5.The Criminal Code (Amendment) Act addressed such issues as sexual abuse, exploitation, neglect and abandonment, but it did not cover adequately the principles of article 19 of the Convention. Similarly, there was no legislation relating to juvenile justice in Grenada, and the provisions of the existing Criminal Code were inconsistent with article 40 of the Convention. Domestic legislation contained many deficiencies in relation to the Convention; for example, it failed to include the principles of articles 37 and 39.

6.The current status of the Family Court Act, which had been rescinded and replaced by the Family Life Issues Committee, was unclear. She would like to know whether the Committee was responsible for matters such as rehabilitation and counselling.

7.Other areas gave cause for concern. It was uncertain whether a complaints procedure had been established for children whose rights had been violated. There was no overall national plan of action for children. Although it had been stated that training was provided, she wondered whether appropriate provision was made in that regard for teachers and judicial personnel. Lastly, with regard to the national budget, it was unclear what percentage of overall spending was devoted to children’s programmes, given that the National Coalition on the Rights of the Child lacked the necessary resources to implement the Convention properly. In that connection, to what extent was international cooperation used to facilitate implementation?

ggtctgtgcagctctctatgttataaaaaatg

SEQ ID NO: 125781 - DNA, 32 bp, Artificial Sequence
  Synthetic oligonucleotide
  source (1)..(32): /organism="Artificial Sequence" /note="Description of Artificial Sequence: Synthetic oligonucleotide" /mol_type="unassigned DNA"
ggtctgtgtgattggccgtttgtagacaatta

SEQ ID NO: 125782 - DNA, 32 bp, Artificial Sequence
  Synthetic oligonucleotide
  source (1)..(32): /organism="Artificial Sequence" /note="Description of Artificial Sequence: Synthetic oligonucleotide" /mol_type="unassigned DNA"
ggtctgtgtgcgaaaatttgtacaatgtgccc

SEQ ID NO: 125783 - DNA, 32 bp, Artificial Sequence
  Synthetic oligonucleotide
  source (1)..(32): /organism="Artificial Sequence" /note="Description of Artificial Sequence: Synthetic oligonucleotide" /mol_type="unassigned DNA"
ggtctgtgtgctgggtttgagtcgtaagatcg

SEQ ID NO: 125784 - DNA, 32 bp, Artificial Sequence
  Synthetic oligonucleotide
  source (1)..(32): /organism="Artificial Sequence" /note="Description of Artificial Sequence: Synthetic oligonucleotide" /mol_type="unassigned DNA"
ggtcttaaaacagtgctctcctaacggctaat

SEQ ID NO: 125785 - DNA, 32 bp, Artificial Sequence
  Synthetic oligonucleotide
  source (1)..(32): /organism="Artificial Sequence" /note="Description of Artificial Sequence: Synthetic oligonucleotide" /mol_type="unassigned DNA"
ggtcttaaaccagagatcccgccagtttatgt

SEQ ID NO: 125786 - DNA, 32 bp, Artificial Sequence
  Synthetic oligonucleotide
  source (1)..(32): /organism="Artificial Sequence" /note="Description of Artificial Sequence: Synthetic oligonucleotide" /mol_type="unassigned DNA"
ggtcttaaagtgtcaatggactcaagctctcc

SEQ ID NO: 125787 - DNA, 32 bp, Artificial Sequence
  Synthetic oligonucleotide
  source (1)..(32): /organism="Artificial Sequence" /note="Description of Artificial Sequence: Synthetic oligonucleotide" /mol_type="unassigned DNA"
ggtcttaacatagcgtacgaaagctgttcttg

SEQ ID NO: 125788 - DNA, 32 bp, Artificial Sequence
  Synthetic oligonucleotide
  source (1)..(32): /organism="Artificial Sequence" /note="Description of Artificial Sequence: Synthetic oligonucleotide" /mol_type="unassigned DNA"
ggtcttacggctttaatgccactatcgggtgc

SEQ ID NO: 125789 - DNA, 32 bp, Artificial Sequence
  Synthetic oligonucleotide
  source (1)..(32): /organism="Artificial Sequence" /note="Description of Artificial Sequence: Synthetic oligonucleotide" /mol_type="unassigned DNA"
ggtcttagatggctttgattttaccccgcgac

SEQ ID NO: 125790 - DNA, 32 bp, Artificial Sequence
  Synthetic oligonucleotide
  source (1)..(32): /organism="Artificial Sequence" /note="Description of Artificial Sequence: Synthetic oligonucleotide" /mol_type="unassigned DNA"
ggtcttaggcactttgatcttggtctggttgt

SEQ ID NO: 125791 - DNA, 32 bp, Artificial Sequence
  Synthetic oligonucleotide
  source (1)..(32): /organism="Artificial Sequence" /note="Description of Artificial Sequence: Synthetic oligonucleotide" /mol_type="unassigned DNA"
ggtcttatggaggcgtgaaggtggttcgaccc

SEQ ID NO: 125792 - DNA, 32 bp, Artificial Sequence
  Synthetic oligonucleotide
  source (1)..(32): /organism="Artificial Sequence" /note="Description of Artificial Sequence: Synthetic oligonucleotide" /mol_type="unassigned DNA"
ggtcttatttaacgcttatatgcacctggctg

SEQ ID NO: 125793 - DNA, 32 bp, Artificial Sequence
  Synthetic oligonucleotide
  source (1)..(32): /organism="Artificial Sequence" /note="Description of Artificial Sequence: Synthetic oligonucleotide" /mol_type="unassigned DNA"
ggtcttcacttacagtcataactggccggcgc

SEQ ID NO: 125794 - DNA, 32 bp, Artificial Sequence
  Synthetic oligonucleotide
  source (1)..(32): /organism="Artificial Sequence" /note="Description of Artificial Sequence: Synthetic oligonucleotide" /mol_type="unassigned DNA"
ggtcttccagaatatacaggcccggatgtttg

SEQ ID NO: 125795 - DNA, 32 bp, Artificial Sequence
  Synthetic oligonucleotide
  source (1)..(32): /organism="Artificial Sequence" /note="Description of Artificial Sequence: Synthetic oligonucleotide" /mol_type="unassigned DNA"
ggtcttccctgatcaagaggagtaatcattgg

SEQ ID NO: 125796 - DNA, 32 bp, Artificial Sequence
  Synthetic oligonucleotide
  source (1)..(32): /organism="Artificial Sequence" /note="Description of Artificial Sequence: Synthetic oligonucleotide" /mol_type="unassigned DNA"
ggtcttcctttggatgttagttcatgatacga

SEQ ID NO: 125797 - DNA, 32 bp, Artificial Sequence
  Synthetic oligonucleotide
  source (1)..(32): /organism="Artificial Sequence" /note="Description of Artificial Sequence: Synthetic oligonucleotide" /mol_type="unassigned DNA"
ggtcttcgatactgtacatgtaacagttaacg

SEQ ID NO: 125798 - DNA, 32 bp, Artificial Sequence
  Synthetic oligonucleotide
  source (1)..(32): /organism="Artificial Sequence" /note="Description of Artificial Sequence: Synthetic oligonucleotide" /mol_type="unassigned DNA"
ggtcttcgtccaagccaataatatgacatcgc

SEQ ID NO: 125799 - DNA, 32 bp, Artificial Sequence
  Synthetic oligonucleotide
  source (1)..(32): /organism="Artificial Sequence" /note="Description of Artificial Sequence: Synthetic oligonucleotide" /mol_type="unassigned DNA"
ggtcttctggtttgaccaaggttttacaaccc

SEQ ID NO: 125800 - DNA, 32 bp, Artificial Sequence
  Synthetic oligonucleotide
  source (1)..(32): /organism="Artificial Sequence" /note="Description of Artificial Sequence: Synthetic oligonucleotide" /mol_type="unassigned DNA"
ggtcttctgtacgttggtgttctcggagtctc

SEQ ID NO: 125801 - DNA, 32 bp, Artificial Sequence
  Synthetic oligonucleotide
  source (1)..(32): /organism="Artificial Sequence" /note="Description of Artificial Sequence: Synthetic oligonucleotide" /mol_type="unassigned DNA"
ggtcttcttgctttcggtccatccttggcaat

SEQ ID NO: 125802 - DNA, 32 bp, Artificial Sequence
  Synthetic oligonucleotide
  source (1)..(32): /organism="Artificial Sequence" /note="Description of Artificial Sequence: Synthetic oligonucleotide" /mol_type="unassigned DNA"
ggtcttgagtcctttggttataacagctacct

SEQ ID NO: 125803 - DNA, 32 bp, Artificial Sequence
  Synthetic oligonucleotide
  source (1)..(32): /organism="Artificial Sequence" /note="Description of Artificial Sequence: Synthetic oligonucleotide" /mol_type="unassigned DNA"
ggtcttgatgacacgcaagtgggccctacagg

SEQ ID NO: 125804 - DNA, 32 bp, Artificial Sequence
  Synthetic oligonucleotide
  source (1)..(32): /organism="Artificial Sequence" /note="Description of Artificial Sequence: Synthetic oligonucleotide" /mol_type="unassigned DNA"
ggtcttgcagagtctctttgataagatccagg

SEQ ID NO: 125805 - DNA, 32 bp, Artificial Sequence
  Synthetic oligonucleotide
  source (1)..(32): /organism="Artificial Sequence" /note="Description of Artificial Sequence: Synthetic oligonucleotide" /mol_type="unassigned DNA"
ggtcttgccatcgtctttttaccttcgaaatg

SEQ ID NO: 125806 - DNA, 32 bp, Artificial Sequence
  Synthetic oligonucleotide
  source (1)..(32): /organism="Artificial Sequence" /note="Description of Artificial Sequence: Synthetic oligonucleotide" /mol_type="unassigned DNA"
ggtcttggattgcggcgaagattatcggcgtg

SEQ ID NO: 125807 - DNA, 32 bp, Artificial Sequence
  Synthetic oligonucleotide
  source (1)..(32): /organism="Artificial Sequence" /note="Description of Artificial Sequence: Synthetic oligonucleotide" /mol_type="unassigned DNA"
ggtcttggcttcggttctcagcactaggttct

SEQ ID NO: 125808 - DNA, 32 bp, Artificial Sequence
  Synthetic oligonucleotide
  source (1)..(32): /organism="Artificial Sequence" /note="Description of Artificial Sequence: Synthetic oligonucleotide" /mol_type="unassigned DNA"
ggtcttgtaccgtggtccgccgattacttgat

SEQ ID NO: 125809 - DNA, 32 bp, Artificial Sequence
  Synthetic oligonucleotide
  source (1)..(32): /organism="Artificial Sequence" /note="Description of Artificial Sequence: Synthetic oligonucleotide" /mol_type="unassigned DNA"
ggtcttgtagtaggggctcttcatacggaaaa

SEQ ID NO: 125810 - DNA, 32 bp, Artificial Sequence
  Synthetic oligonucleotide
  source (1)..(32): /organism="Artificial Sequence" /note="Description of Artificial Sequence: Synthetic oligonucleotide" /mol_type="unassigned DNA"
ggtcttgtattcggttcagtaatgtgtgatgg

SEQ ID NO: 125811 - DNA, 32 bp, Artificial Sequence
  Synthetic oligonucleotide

8.Mrs. RILANTONO said that the establishment of a National Coalition on the Rights of the Child was a positive step but that it was unclear how that body coordinated activities and monitored the implementation of the Convention. As it had been stated that the Coalition had been assigned no special budget, she would like to know how it was funded. She would also appreciate details about the progress made in implementing the Convention. In that regard, were non-physical indicators being developed alongside the already well-known physical indicators?

9.Mrs. KARP said that, although she appreciated Grenada’s difficulties in addressing the problems it faced, a single body, with a specific plan of action, should be established to focus on children’s affairs. Most of the work being done on children’s issues was apparently carried out by NGOs. What part was played by the Government in that work? Did a plan of action for children already exist?

10.She asked about the situation with regard to human resources, especially social workers and psychologists. Information would also be welcome on the social security review conducted in 1997.

11.She would also like to know whether Grenada had considered establishing an office of children’s ombudsman. Such an official would enhance children’s status, deal with their complaints and provide remedies in order to make the provision of services more effective.

12.Mrs. TIGERSTEDT-TÄHTELÄ said it was clear that the National Coalition on the Rights of the Child attempted to highlight legal and administrative deficiencies in the area of children’s rights and to lobby for necessary changes. In that regard, had a comprehensive review of domestic legislation been conducted? The National Coalition did not appear to have a mandate corresponding to the aims and principles of the Convention. In that connection, she inquired whether there were plans to establish a coordinating body in order to introduce a more comprehensive strategy.

13.She asked whether income from tourism, which was one of Grenada’s main sources of revenue, was allocated to spending on children’s rights issues, and whether provision had been made for children within the national budget.